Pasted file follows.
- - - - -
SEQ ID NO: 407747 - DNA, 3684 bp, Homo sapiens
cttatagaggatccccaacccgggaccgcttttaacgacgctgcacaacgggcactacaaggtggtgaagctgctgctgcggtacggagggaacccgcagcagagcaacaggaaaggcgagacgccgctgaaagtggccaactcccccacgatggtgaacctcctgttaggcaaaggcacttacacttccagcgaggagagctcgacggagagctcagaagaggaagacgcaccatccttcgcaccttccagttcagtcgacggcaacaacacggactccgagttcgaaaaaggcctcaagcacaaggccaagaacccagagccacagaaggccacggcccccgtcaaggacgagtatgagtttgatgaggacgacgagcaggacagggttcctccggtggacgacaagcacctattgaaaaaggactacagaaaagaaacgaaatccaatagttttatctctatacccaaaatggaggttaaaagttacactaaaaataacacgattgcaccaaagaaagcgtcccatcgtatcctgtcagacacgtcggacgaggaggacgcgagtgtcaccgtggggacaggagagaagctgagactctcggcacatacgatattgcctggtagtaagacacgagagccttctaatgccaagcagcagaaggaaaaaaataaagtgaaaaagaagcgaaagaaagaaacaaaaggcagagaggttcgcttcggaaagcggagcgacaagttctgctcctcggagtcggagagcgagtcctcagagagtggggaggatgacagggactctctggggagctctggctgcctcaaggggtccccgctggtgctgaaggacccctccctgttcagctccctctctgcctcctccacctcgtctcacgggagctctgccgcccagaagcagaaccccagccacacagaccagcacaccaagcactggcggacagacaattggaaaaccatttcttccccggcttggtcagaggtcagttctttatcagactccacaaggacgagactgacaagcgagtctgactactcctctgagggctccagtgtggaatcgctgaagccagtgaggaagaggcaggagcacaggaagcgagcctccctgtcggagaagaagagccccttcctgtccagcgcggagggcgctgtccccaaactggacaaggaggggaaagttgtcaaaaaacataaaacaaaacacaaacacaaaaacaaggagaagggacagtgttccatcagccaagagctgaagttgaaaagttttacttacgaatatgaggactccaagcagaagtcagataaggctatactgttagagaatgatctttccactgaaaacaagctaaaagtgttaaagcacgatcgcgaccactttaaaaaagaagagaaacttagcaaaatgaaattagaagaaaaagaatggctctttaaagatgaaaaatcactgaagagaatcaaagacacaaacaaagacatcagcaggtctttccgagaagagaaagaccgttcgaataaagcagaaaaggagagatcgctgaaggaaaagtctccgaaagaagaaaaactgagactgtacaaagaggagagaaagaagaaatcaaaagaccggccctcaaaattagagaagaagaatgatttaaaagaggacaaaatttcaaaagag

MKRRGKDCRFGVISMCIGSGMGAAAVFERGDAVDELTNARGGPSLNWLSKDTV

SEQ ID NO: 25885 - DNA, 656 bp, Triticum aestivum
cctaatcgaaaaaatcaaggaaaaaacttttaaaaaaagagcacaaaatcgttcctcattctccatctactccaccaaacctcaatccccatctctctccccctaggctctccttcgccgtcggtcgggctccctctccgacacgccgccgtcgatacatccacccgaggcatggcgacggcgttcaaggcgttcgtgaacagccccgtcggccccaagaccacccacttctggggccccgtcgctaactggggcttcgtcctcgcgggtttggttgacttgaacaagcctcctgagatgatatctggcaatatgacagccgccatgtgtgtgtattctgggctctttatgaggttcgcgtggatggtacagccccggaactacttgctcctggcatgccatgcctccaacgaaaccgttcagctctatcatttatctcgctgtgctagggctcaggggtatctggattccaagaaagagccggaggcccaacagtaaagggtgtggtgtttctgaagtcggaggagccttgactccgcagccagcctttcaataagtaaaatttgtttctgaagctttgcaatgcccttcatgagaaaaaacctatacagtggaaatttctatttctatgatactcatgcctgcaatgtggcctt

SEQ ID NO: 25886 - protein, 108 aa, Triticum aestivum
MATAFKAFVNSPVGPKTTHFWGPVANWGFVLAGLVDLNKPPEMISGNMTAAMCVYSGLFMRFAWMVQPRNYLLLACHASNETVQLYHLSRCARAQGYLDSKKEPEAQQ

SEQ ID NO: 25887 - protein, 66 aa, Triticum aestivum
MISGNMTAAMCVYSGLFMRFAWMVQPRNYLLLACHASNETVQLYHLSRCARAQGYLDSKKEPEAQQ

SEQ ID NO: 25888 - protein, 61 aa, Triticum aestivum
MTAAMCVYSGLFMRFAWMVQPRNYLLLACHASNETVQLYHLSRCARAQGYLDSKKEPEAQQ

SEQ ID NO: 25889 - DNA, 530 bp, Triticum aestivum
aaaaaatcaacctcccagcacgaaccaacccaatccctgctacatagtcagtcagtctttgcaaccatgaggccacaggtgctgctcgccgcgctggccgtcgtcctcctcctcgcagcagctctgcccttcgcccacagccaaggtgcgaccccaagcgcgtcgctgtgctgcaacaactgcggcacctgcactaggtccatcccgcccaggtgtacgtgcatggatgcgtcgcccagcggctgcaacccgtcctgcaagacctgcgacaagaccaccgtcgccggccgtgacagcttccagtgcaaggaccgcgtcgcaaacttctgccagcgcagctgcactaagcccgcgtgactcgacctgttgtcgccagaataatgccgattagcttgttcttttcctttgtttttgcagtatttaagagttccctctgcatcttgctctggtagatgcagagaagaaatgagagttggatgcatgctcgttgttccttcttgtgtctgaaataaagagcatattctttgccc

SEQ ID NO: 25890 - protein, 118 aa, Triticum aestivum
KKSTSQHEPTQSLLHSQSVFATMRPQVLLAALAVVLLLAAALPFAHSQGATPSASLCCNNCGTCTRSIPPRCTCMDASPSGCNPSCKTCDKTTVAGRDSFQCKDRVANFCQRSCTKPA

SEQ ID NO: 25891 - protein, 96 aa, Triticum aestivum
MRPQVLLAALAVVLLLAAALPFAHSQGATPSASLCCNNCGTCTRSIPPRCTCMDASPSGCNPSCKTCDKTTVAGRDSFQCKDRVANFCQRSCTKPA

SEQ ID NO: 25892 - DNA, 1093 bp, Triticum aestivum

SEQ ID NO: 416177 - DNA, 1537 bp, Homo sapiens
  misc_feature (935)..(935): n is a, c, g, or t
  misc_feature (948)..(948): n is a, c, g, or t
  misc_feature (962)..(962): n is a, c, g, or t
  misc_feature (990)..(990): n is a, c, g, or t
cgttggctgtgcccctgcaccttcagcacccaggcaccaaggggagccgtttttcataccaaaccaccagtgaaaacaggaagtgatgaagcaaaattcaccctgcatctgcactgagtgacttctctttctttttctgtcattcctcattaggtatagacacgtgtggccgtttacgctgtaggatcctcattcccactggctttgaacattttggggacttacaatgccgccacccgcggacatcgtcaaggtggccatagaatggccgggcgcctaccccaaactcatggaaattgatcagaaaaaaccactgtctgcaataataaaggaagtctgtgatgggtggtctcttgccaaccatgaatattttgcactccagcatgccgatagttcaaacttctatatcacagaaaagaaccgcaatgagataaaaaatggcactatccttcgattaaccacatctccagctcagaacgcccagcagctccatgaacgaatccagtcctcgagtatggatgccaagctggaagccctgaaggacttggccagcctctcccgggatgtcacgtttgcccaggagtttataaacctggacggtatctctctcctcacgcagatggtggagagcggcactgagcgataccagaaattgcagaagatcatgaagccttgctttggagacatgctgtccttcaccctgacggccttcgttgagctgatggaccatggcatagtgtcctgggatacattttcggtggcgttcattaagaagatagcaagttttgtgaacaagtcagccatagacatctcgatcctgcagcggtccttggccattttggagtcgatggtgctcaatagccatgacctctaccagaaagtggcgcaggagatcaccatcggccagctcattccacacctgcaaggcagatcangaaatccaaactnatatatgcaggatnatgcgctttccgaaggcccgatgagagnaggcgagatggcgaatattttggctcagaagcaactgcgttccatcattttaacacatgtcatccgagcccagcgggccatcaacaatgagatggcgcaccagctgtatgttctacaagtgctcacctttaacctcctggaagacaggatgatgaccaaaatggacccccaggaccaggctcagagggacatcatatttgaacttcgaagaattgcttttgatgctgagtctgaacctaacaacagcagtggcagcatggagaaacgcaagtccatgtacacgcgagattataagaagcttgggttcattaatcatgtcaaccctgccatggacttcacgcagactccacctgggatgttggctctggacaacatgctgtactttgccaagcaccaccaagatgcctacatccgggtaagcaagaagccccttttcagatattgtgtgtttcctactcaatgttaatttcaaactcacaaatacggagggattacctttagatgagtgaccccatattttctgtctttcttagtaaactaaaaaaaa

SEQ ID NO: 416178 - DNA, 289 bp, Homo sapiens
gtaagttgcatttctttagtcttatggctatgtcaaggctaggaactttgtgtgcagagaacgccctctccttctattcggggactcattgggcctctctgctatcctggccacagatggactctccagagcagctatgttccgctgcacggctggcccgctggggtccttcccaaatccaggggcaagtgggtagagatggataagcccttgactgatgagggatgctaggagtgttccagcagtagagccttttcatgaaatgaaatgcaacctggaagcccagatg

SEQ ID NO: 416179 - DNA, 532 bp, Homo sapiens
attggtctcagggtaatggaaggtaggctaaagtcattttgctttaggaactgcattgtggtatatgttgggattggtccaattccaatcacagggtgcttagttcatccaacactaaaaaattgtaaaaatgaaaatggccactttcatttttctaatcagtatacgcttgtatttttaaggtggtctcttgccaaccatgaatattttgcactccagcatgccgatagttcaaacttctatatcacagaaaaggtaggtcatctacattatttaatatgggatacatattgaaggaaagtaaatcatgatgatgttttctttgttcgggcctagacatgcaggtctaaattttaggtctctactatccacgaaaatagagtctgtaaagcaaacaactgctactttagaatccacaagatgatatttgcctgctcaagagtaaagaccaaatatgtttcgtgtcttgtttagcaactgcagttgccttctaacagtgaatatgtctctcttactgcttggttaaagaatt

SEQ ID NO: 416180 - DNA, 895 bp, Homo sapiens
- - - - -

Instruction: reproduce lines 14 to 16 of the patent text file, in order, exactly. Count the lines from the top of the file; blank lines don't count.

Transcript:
SEQ ID NO: 25890 - protein, 118 aa, Triticum aestivum
KKSTSQHEPTQSLLHSQSVFATMRPQVLLAALAVVLLLAAALPFAHSQGATPSASLCCNNCGTCTRSIPPRCTCMDASPSGCNPSCKTCDKTTVAGRDSFQCKDRVANFCQRSCTKPA

SEQ ID NO: 25891 - protein, 96 aa, Triticum aestivum